Bryce Harper taken out of Friday night’s game with apparent wrist injury

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Not a good night to be a talented player. Chris Davis (link) and Devin Mesoraco (link) both exited games tonight with injuries of their own and now Bryce Harper has added his name to the list. James Wagner of the Washington Post reports that the Nationals’ outfielder injured his wrist diving head-first into third base, completing a bases-clearing triple in the third inning against the Padres.

Wagner writes that Harper grimaced and grabbed at his left wrist, but stayed in the game initially. He did not take his position for the top of the fifth inning, however, as he was replaced by Nate McLouth. The severity of the injury isn’t yet known, as the Nationals will evaluate him further.

Harper hasn’t yet gotten started with the bat, slashing .272/.337/.383 in 89 plate appearances entering Friday’s game. He had made headlines recently for a lack of hustle, but it appears that his all-out style of play has once again led to an injury. Harper suffered a knee injury in May last season crashing into the wall at Dodger Stadium, and it lingered throughout the season.

Zack Cozart thinks the way the Rays have been using Sergio Romo is bad for baseball

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The Rays started Sergio Romo on back-to-back days and if that sounds weird to you, you’re not alone. Romo, of course, was the star closer for the Giants for a while, helping them win the World Series in 2012 and ’14. He’s been a full-time reliever dating back to 2006, when he was at Single-A.

In an effort to prevent lefty Ryan Yarbrough from facing the righty-heavy top of the Angels’ lineup (Zack Cozart, Mike Trout, Justin Upton), Romo started Saturday’s game, pitching the first inning before giving way to Yarbrough in the second. Romo struck out the side, in fact. The Rays went on to win 5-3.

The Rays did it again on Sunday afternoon, starting Romo. This time, he got four outs before giving way to Matt Andriese. Romo walked two without giving up a hit while striking out three. The Angels managed to win 5-2 however.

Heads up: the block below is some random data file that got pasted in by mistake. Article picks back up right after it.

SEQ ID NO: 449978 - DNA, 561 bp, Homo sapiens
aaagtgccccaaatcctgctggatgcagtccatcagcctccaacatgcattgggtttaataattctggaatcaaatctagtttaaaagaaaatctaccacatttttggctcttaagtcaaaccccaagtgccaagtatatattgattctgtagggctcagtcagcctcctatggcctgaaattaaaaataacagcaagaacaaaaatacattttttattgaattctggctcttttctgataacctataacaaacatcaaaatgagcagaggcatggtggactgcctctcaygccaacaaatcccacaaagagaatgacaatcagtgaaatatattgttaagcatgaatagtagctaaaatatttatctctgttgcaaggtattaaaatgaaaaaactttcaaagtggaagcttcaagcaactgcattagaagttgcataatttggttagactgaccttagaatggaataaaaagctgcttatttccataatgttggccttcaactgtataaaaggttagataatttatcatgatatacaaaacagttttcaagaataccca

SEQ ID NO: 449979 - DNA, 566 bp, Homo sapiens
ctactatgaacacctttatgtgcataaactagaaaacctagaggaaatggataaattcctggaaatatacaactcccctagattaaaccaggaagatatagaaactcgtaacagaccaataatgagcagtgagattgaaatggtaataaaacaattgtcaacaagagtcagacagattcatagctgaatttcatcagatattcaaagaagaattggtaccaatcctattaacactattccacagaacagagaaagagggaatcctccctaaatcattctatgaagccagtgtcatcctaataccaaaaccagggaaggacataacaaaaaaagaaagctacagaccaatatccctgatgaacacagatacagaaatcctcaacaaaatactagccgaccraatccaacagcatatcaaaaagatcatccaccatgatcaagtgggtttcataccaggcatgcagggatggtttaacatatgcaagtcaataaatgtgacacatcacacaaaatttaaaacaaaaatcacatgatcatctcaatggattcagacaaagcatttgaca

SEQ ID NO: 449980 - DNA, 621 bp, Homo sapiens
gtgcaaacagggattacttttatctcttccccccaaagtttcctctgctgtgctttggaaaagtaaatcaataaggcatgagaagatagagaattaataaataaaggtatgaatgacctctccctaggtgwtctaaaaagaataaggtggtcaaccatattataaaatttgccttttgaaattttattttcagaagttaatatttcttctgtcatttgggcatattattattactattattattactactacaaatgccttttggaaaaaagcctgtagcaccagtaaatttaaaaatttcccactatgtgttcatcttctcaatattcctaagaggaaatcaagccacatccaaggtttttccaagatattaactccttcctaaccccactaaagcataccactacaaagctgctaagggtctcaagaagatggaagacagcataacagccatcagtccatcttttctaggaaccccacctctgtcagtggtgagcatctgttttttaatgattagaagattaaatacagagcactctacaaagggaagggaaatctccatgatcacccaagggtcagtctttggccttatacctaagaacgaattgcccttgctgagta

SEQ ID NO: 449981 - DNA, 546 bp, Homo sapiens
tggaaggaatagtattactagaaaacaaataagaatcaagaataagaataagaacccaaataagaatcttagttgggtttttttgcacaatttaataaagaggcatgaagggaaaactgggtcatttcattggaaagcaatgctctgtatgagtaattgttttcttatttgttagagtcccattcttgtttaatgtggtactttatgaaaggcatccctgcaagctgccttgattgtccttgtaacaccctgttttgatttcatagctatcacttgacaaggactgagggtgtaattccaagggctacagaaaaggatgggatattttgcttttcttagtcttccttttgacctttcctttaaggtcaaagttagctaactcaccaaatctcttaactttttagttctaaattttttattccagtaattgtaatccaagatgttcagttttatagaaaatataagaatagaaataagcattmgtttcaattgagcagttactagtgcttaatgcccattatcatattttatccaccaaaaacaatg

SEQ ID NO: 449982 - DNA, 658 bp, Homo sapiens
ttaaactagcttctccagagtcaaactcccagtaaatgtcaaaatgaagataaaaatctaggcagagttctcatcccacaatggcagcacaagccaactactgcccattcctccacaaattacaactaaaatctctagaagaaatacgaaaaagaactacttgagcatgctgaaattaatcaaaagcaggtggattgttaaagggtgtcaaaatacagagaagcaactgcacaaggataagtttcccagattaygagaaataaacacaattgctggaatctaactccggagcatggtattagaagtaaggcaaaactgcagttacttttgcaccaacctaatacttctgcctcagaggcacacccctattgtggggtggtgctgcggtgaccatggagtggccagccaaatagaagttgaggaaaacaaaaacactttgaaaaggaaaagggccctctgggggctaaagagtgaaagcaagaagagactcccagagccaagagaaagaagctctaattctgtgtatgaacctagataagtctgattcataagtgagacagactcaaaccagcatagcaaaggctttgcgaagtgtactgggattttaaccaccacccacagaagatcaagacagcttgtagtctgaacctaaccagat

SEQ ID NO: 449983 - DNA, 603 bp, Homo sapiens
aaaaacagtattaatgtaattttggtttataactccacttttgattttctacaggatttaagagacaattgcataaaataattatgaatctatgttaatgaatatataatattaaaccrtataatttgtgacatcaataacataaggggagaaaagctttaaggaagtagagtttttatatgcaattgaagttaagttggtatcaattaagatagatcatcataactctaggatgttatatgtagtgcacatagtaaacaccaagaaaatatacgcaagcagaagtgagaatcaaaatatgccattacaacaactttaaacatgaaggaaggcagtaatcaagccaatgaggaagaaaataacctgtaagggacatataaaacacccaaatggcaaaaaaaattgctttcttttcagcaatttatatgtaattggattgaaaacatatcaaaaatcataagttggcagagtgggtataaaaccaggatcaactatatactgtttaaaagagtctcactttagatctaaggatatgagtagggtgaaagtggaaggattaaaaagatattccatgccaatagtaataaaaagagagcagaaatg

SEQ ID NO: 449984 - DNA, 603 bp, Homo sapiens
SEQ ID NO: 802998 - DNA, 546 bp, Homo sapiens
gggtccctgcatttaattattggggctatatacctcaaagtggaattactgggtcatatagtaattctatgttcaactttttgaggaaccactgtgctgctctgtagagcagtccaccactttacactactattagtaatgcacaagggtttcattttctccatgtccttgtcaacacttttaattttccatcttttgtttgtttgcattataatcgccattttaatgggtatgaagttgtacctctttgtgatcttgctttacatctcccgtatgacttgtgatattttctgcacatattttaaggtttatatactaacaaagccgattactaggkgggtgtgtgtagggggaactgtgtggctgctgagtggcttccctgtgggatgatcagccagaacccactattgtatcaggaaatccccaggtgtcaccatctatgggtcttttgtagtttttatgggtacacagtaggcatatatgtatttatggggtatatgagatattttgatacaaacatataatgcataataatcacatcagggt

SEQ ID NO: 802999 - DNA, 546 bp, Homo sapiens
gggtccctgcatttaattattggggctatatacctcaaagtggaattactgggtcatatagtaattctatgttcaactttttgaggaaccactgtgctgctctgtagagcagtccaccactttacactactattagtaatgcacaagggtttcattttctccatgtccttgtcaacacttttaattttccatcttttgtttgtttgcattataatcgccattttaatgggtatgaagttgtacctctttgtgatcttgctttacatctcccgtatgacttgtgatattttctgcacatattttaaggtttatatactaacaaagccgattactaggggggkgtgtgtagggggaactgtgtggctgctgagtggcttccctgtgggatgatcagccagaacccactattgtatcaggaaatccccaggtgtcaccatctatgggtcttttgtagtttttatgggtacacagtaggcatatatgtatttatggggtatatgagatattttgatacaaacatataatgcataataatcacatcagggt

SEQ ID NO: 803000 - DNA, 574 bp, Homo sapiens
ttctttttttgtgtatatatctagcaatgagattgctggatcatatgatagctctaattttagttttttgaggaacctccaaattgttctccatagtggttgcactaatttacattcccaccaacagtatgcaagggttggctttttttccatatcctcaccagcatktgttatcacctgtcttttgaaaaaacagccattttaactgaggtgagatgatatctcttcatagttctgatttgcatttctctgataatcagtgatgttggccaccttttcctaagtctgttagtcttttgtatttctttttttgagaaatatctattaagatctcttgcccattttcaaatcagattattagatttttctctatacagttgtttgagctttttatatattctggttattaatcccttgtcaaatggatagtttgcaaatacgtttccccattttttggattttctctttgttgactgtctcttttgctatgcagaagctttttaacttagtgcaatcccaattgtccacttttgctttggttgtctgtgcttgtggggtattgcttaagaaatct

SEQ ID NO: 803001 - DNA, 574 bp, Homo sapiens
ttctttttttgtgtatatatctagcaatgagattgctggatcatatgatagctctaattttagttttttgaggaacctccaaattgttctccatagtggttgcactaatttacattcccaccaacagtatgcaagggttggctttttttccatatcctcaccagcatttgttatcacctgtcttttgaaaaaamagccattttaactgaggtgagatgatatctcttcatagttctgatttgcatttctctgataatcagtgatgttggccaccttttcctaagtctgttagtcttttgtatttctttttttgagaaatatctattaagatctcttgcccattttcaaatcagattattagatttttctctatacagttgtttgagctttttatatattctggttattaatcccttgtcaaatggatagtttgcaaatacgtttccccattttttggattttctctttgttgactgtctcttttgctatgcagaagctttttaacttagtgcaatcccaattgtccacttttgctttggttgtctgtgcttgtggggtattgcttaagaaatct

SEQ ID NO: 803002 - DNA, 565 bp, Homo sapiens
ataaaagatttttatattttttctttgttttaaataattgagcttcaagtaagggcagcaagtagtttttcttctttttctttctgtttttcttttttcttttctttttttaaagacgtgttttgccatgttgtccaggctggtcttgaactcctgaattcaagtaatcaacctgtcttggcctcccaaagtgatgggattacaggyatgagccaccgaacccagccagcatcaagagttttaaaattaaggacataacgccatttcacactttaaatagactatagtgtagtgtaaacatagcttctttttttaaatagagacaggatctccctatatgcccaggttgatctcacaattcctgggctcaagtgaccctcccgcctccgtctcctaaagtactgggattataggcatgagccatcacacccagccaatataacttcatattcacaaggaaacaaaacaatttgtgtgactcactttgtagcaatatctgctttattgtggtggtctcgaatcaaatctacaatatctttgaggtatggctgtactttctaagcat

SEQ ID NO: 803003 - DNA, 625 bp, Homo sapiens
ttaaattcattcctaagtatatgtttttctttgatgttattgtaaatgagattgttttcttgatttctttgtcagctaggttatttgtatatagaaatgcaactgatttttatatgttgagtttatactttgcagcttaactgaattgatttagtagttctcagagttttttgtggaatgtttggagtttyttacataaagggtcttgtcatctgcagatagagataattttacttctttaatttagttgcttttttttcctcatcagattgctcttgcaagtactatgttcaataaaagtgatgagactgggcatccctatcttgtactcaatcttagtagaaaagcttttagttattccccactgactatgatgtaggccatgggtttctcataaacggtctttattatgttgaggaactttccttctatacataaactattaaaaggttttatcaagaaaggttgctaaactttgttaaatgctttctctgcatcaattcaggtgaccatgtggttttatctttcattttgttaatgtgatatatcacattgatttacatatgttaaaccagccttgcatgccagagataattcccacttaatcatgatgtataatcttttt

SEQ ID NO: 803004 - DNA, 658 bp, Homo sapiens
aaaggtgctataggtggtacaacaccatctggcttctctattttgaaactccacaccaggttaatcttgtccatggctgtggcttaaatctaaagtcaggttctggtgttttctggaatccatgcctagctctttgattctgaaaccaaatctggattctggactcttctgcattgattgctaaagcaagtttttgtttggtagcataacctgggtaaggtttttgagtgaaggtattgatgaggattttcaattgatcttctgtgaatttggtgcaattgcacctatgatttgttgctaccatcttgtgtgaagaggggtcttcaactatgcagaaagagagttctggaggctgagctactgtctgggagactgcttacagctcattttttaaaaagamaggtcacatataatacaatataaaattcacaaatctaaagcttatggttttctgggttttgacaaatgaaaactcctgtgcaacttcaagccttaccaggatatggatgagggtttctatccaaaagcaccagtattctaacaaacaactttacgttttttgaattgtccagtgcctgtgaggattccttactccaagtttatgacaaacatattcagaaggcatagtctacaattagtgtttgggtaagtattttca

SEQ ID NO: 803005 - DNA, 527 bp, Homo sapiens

Despite Sunday’s win, Cozart wasn’t a happy camper with the way the Rays used Romo. Via Fabian Ardaya of The Athletic, Cozart said, “It was weird … It’s bad for baseball, in my opinion … It’s spring training. That’s the best way to explain it.”

It’s difficult to see merit in Cozart’s argument. It’s not like the Rays were making excessive amounts of pitching changes; they used five on Saturday and four on Sunday. The games lasted three hours and three hours, 15 minutes, respectively. The average game time is exactly three hours so far this season. I’m having trouble wondering how else Cozart might mean the strategy is bad for baseball.

It seems like the real issue is that Cozart is afraid of the sport changing around him. The Rays, like most small market teams, have to find their edges in slight ways. The Rays aren’t doing this blindly; the strategy makes sense based on their opponents’ starting lineup. The idea of valuing on-base percentage was scoffed at. Shifting was scoffed at and now every team employs them to some degree. Who knows if starting a reliever for the first three or four outs will become a trend, but it’s shortsighted to write it off at first glance.